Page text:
SOAP Web Services Design Approaches

Bharath Thippireddy
A free video tutorial from Bharath Thippireddy
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Java Web Services

Learn how to design,create , consume and secure SOAP and REST web services from scratch in easy steps.

16:51:58 of on-demand video • Updated October 2020

  • Understand why web services are so popular
  • Understand the different types of WS Design
  • Use Apache CXF the Popular WS Stack
  • Implement Contract First and Code First Web Services
  • Develop a Web Service Consumer
  • Secure Web Services using the WS-Security Standard
  • Implement SOAP Attachments
  • Master the REST web service concepts and Implementation
  • Create different types of REST Clients
  • Secure Rest Services
  • Handle Errors In REST
  • Develop Asynchronous Web Services
  • Jersey REST Quick Start
  • Spring MVC REST Quick Start
  • Learn all the important web services interview Questions and Answers
  • All in short simple and easy steps
  • Use REST Attachments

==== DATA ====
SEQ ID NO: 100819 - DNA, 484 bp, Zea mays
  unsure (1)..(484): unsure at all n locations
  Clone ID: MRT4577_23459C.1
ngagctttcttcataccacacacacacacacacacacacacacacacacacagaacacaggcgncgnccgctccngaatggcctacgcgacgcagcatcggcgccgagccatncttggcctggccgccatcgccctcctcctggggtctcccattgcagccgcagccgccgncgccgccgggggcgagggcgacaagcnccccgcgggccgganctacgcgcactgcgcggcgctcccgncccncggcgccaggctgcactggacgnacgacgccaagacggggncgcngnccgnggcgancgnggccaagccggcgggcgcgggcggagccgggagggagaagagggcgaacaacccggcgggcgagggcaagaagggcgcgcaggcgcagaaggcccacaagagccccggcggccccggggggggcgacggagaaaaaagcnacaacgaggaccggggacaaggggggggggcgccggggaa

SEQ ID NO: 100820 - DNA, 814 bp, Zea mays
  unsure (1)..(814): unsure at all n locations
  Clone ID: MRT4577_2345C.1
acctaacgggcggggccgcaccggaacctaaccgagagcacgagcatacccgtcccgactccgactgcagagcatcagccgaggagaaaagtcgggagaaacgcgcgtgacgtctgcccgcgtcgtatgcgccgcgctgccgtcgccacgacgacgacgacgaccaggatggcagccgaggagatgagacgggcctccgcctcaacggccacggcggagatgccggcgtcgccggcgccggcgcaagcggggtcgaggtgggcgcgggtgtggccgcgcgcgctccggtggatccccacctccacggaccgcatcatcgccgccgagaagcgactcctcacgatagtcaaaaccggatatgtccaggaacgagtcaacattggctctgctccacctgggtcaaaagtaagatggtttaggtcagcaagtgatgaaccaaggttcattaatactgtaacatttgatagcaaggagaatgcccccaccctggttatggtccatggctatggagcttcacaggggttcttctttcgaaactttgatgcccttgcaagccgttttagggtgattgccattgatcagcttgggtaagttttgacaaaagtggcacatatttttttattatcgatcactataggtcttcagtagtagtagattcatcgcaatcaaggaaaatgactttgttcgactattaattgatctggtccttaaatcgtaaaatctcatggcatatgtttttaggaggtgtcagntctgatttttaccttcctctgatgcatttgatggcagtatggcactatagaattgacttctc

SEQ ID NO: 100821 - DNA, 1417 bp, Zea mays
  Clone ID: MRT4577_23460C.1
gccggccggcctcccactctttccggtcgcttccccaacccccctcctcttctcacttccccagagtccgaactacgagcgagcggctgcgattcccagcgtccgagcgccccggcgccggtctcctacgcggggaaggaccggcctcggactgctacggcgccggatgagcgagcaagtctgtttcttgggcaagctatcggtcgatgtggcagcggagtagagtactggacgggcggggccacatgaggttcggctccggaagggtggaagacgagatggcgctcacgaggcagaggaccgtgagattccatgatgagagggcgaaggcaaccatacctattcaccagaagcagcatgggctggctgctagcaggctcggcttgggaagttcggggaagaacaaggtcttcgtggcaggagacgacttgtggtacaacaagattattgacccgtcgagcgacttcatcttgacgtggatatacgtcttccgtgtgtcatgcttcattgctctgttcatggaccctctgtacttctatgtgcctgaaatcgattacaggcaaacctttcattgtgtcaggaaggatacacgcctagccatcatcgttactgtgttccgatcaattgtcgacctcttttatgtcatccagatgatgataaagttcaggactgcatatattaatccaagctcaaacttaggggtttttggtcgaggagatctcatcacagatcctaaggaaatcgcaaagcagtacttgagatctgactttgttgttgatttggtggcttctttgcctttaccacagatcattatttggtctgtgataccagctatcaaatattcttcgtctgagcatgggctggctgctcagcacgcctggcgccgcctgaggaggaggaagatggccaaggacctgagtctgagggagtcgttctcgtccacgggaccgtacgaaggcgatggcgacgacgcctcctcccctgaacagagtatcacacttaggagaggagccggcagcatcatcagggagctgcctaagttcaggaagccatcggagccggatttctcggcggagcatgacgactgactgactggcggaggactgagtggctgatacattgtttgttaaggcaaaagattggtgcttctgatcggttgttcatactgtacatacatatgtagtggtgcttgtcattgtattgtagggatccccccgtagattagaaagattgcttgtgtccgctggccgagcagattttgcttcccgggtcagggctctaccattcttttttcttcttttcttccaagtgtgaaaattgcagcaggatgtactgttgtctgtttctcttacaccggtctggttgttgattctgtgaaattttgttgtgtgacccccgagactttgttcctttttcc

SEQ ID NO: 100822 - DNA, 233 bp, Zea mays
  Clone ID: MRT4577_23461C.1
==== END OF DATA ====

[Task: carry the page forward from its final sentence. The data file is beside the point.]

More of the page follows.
English From this lecture, you will learn the two different design approaches to implement. Soap webservices. By the end of it you will see the two approaches how they work at the high level and advantages of each of these approach and when to use which. The first approach is the contract first or wsdl first or top down approach. The second one is the code first approach which is also known as the bottom up design. In the wsdl first approach, we first create the wsdl file.You know what a wsdl file is now, it is a contract between the web-services provider and the consumer. This file has all the information about the web service. It tells the consumer what the webservice can provide and hold it provides it the data that should come in the request and the date that will go back in the response. The second step is to generate java stubs using tools like wsdl to java. So we generate the java classes the stubs from the wsdl file which we have created in the first step. The last and most important step is to create our actual web services implementation class by implementing one of the stub Interfaces that got generated in the second step. There are several advantages of wsdl first approach. The first and most important one is we can sign off a contract with our business analysts or the end users since a wsdl file is xml file And since it has all the information about our web service our clients can look at xml which is easy to read than Java code and then sign off on the wsdl file. We can then implement our web service. And at the end of it everybody will be on the same page which is very important. By writing wsdl first, we improve the interoperability chances between our web service provider application and any consumer application. If we do the code first which will be seeing in the next slide. If you end up using a data structure which is that in a language you are using like Java and if very old legacy application is trying to consume this application and if that language doesn't have the support for the data structure your web service will become useless. So by writing wsdl first and then using the xml the consumers can make sure that what we are using in the wsdl is available in their languages as well. The third main advantage of the contract first approach is we can give the wsdl to the consumers right at the beginning even before we implement our java code as soon as we come up in the contract We can just hand over our wsdl file to the consumers who ever wants to consume our Web service and they can start writing their client code. And when we are ready with our provider the consumer is already there to consume our webservice by making faster integration. To give an example, I have once worked on a project management software which manages construction projects military projects or any other projects. This project management software stores all the information in its database, and we help to Expo's out web services so that reporting applications can consume this webservice. Since we were developing this project management software from scratch we were able to write a contract contract first webservices, so we defined all the wsdls for all the objects within the project management software. And then we have handed over our wsdl files to the reporting application which was build by another team completely and which was written in dotnet. This reporting application calls into our web services and then reports out all the project latest data on the project. It generates various kinds of reports based on the parameters that the users give. By that time we were ready with our project management application reporting application was already there to consume our web-services since we have done the contract first way and we have given the wsdl file right at the beginning to the reporting application. The second approach is the code first design, here we start by writing the java code first and we annotate all of our code as required by Jax-ws specification and then we generate the wsdl from this code using the java to wsdl tool provided by Apache CXF. Every other webservices stack has a corresponding tool to do this.The advantage is here is that we can integrate legacy applications which are already there which are there for the last 10 15 20 years if we want to expose that code out to other applications. We can use code first design and simply expose out the web services. An example of java first web service that I have worked on is an airline reservation system wherein we have intially had only the kiosks checkin.When you walk into an airport and when you try to checkin, This was the application that will be used. And the way it was build was this application was tightly tied up with the backend code without any services to start with. So when we initially started there were no webservices long long back we have only had a business logic in one layer And then the kiosk checkin code web layer And the kiosk checkin was directly calling into the backend layer but then when we had to work on the web-checkin wherein a passenger can checkin online, We had to come up with a web-services framework and make them loosely copied so that any component can directly call into our business logic. So here we have exposed out our entire business logic as a java first web services since we already had the business logic contract and everything defined in the code. And then we exposed it out to the checkin and kiosks checkin when to use which approach. That's the important question and a very popular interview question as well. We should use that contract first approach as much as possible especially if you are developing Web services applications from scratch. Use that was the first or top down or contract first approach. Use the Java first or code first approach only when you are working with a legacy applications and you need to expose out some functionality in the legacy application. As a webservice so that it can be consumed by other applications which want to use it. To summarize, from this lecture you have learnt the two different designs of implementing web services the advantages of both and then when to use which. You will see handson implementation of both these in the upcoming lectures.